In the developing world, sometimes the simplest technology can have the largest payoff.
That’s the lesson learned by Ashok Gadgil, a UC Berkeley professor of civil and environmental engineering and Berkeley Lab researcher who was asked in 2005 to help Sudanese refugee women whose daily search for wood outside the camps imperiled their lives.
As an expert on indoor air pollution and energy efficiency, Gadgil gathered his students and set to work designing and building a better cookstove. Their solution was an efficient and inexpensive wood-burning stove that could be manufactured for $20 and which used half the wood as typical open cooking fires, freeing women from much of the danger inherent in wood gathering.
Through a nonprofit in Mumbai, India, the Berkeley Darfur Stove project was able to deliver stoves to women in the refugee camps and dramatically improve their lives. In addition, the stove design eliminated much of the smoke that makes chronic respiratory disease endemic throughout the developing world, and reduced greenhouse gas emissions that contribute to climate change.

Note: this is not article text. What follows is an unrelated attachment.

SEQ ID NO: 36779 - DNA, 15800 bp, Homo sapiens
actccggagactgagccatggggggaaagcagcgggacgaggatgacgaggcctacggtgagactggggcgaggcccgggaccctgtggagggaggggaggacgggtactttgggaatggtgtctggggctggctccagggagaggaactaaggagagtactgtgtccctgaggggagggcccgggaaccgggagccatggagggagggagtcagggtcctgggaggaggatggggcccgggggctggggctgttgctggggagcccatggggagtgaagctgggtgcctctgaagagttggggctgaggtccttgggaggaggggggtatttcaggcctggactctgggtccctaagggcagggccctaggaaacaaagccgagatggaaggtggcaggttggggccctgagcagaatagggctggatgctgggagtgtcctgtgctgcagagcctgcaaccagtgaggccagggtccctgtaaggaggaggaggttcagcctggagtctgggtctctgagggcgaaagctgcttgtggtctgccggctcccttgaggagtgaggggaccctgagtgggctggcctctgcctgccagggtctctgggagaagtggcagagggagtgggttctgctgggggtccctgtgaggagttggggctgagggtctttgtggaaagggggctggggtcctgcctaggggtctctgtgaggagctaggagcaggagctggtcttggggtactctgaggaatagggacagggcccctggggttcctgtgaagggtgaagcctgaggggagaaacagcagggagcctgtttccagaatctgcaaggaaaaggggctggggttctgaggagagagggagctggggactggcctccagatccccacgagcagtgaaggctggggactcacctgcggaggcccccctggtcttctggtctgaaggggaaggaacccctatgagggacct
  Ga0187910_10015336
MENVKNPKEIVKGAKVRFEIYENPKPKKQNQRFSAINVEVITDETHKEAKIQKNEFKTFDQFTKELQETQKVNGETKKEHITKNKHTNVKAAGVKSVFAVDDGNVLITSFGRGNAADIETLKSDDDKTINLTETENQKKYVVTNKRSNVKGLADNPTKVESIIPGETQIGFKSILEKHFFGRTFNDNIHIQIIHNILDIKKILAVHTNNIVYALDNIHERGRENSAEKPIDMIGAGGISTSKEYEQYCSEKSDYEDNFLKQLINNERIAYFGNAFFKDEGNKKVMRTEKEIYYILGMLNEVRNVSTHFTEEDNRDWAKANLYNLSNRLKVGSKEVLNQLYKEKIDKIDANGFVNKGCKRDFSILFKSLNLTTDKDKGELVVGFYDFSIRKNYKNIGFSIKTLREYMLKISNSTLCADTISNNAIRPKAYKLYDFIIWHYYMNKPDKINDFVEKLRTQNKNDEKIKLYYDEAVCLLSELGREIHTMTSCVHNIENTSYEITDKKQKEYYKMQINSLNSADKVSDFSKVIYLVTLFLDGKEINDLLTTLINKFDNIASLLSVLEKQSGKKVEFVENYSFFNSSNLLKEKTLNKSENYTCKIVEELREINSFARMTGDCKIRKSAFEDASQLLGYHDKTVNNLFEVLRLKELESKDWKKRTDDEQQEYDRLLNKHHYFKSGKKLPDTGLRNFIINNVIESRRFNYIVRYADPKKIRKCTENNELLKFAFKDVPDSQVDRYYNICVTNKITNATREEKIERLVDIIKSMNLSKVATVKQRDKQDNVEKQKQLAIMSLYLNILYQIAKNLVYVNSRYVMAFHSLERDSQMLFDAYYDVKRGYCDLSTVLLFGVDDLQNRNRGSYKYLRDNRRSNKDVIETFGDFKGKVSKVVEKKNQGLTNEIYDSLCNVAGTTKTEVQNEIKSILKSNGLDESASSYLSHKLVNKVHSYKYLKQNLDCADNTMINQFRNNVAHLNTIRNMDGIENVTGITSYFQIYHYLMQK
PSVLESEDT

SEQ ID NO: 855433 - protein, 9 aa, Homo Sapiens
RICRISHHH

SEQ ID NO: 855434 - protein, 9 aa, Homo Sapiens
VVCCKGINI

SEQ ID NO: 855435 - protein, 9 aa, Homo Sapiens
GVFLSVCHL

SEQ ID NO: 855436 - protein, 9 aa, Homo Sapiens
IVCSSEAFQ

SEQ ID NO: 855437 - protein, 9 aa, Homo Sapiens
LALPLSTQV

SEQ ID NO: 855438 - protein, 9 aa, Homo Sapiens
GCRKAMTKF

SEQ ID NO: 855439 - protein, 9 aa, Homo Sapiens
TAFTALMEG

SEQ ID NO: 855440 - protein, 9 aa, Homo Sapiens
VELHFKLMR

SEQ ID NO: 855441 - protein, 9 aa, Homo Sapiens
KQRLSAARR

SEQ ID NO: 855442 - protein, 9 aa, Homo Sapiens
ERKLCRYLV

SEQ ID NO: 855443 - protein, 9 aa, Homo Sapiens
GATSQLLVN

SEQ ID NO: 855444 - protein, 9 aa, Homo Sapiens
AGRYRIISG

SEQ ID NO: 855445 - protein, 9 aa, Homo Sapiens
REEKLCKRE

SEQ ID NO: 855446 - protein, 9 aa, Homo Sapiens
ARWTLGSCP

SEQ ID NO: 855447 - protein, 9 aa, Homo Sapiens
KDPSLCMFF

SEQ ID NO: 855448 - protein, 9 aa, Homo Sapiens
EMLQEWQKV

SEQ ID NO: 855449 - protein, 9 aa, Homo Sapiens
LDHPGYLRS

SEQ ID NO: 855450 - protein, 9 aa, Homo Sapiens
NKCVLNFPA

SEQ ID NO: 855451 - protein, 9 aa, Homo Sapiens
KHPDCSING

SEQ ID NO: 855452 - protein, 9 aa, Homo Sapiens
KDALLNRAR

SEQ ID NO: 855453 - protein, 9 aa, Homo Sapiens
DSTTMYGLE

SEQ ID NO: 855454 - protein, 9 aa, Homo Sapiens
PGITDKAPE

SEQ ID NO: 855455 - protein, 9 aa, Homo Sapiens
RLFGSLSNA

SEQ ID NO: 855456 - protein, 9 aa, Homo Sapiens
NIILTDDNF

In a talk last May at Cal Future Forum, Gadgil argued that Berkeley’s work at the forefront of cookstove design can help women around the world, producing outsize benefits from modest investments in “small” technology.